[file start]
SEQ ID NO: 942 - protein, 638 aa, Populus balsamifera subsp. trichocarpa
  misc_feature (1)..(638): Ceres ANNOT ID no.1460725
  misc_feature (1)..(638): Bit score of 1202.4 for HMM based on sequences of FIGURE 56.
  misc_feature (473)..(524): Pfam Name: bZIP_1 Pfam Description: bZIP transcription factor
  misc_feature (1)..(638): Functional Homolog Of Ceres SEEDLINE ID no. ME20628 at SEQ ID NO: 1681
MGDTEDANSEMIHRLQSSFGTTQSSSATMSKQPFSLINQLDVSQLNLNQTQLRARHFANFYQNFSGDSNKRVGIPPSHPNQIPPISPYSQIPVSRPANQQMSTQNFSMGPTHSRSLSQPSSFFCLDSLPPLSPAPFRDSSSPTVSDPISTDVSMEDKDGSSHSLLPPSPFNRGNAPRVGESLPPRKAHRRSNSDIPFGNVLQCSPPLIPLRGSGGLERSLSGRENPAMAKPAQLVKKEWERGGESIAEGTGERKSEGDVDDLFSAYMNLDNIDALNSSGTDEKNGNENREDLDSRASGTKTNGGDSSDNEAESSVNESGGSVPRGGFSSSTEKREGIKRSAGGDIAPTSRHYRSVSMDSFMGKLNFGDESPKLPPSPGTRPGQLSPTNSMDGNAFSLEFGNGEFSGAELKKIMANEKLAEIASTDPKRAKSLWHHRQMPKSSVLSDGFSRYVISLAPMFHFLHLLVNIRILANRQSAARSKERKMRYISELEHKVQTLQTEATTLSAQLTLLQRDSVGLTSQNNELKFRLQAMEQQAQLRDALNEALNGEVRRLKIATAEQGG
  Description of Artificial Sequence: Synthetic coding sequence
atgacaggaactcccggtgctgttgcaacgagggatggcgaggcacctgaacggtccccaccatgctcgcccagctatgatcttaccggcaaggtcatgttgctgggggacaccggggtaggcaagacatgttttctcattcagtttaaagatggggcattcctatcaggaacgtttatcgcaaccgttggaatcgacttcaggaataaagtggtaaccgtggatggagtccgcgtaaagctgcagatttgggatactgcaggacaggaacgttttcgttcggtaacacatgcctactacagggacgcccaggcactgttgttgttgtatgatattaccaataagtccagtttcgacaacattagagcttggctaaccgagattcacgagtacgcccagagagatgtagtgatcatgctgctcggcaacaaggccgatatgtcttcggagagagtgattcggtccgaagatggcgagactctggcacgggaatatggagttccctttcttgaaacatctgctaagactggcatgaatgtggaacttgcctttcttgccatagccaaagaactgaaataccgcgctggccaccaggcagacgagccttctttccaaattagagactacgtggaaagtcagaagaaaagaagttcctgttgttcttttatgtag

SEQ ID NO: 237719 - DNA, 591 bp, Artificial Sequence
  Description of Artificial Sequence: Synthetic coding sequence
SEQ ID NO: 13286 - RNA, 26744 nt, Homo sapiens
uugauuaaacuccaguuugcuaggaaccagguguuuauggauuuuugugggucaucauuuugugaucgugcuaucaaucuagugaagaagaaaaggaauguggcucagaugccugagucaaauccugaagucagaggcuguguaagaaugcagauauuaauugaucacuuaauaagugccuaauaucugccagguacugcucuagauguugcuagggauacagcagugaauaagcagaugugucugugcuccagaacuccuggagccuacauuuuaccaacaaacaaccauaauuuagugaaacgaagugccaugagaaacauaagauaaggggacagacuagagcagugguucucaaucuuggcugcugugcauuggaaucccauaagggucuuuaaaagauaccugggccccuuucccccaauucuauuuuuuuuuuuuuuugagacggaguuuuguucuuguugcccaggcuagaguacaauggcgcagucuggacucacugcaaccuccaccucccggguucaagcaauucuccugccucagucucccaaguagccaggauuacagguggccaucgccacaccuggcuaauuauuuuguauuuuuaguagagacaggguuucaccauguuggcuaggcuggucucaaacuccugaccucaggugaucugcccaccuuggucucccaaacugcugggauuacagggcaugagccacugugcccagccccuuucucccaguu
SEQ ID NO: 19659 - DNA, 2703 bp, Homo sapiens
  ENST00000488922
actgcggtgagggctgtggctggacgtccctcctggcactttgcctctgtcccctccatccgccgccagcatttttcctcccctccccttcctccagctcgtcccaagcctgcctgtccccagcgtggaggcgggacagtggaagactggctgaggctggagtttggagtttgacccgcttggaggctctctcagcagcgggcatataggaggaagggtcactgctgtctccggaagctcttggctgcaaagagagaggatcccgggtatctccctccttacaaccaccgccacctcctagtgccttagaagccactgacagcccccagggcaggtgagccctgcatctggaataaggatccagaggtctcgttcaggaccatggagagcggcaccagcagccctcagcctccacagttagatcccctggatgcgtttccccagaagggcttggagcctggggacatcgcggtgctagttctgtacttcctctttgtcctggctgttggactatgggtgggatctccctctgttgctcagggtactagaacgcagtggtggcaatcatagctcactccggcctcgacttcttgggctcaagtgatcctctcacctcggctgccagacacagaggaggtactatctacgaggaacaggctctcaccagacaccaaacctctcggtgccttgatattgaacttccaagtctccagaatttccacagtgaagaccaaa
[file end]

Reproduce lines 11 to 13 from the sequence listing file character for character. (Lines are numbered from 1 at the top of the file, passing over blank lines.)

SEQ ID NO: 13286 - RNA, 26744 nt, Homo sapiens
uugauuaaacuccaguuugcuaggaaccagguguuuauggauuuuugugggucaucauuuugugaucgugcuaucaaucuagugaagaagaaaaggaauguggcucagaugccugagucaaauccugaagucagaggcuguguaagaaugcagauauuaauugaucacuuaauaagugccuaauaucugccagguacugcucuagauguugcuagggauacagcagugaauaagcagaugugucugugcuccagaacuccuggagccuacauuuuaccaacaaacaaccauaauuuagugaaacgaagugccaugagaaacauaagauaaggggacagacuagagcagugguucucaaucuuggcugcugugcauuggaaucccauaagggucuuuaaaagauaccugggccccuuucccccaauucuauuuuuuuuuuuuuuugagacggaguuuuguucuuguugcccaggcuagaguacaauggcgcagucuggacucacugcaaccuccaccucccggguucaagcaauucuccugccucagucucccaaguagccaggauuacagguggccaucgccacaccuggcuaauuauuuuguauuuuuaguagagacaggguuucaccauguuggcuaggcuggucucaaacuccugaccucaggugaucugcccaccuuggucucccaaacugcugggauuacagggcaugagccacugugcccagccccuuucucccaguu
SEQ ID NO: 19659 - DNA, 2703 bp, Homo sapiens